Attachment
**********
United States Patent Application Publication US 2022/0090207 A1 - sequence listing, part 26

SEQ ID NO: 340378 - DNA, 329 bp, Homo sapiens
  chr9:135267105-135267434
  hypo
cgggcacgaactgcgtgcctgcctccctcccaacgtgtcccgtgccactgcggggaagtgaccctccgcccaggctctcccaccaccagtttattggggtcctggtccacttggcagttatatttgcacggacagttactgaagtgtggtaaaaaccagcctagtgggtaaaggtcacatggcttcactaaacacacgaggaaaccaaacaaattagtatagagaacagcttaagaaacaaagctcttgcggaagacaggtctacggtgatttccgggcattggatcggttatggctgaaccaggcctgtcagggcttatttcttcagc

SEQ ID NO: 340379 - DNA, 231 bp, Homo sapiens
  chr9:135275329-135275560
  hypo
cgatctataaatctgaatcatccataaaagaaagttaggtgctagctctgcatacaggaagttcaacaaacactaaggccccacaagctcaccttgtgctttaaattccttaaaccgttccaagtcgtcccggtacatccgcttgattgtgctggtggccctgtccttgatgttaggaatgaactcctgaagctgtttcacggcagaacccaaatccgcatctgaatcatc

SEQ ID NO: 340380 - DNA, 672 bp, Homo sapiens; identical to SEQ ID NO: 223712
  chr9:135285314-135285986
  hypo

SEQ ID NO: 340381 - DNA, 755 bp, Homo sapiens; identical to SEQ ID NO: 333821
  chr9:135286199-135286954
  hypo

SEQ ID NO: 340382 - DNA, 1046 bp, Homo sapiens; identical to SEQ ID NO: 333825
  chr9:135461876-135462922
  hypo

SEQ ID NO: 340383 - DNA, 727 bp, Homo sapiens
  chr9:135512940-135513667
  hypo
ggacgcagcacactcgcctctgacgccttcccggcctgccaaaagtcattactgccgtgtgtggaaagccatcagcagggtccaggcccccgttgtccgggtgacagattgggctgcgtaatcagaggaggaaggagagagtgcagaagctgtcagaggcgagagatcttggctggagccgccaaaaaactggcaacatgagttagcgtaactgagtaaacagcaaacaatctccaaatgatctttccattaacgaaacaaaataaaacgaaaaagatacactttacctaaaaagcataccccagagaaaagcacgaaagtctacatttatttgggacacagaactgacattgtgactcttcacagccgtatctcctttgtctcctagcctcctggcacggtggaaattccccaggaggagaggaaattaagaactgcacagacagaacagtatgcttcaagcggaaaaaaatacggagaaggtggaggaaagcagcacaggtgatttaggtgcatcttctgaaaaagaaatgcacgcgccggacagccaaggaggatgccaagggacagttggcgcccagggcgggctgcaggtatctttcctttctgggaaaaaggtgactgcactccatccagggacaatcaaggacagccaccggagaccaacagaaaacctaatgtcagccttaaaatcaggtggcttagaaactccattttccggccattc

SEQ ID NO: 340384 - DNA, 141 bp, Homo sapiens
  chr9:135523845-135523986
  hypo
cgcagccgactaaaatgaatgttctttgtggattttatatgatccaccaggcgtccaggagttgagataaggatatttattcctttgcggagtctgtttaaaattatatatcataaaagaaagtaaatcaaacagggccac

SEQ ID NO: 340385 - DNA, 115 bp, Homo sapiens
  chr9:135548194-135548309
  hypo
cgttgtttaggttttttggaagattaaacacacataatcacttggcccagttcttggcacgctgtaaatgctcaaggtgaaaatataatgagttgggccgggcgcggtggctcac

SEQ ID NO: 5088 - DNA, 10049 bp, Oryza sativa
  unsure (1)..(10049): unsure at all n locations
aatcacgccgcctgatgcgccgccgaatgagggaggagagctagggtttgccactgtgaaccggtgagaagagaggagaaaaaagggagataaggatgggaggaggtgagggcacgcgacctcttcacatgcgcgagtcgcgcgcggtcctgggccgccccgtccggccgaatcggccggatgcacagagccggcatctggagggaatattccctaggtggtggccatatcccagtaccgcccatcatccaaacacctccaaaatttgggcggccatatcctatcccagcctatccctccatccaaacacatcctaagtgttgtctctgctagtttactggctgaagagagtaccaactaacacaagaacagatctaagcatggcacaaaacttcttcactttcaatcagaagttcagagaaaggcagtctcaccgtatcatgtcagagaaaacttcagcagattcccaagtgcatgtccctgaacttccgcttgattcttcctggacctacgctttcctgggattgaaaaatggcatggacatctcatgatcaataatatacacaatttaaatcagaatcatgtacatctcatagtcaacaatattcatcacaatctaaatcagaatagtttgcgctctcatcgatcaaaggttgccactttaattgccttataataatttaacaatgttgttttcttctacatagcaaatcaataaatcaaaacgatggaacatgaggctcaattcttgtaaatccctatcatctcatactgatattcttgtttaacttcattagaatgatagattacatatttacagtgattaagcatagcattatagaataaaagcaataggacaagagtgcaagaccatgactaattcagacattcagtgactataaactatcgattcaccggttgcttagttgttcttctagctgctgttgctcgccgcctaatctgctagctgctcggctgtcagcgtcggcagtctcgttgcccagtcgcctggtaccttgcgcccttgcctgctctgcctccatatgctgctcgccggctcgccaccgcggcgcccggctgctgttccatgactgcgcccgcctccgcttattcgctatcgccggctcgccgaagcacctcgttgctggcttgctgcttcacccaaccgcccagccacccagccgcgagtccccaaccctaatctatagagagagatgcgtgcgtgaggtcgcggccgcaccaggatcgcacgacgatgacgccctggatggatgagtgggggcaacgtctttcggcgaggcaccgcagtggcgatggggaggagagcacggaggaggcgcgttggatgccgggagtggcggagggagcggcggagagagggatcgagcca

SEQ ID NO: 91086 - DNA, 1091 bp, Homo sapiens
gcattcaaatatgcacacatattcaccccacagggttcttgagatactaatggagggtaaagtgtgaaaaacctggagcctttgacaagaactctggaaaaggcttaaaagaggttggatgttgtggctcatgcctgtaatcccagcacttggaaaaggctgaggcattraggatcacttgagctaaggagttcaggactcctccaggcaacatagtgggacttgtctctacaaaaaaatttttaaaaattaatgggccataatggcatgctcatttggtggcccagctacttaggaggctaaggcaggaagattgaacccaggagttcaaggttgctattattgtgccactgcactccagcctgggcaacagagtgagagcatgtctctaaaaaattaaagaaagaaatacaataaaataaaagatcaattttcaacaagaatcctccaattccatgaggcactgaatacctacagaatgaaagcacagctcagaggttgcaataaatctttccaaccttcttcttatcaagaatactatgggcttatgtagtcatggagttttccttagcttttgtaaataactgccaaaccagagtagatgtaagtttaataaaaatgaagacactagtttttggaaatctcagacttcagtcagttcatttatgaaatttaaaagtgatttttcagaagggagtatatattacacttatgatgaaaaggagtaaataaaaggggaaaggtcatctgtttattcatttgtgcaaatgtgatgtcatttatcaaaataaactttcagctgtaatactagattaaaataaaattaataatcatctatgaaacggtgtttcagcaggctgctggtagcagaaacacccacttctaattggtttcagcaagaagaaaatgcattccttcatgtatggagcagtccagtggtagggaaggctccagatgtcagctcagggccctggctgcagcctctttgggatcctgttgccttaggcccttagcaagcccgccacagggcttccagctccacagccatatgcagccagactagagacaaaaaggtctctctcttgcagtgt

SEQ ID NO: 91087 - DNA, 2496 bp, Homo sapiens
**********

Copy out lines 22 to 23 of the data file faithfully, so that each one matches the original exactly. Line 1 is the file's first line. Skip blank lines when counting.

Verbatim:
ggacgcagcacactcgcctctgacgccttcccggcctgccaaaagtcattactgccgtgtgtggaaagccatcagcagggtccaggcccccgttgtccgggtgacagattgggctgcgtaatcagaggaggaaggagagagtgcagaagctgtcagaggcgagagatcttggctggagccgccaaaaaactggcaacatgagttagcgtaactgagtaaacagcaaacaatctccaaatgatctttccattaacgaaacaaaataaaacgaaaaagatacactttacctaaaaagcataccccagagaaaagcacgaaagtctacatttatttgggacacagaactgacattgtgactcttcacagccgtatctcctttgtctcctagcctcctggcacggtggaaattccccaggaggagaggaaattaagaactgcacagacagaacagtatgcttcaagcggaaaaaaatacggagaaggtggaggaaagcagcacaggtgatttaggtgcatcttctgaaaaagaaatgcacgcgccggacagccaaggaggatgccaagggacagttggcgcccagggcgggctgcaggtatctttcctttctgggaaaaaggtgactgcactccatccagggacaatcaaggacagccaccggagaccaacagaaaacctaatgtcagccttaaaatcaggtggcttagaaactccattttccggccattc

SEQ ID NO: 340384 - DNA, 141 bp, Homo sapiens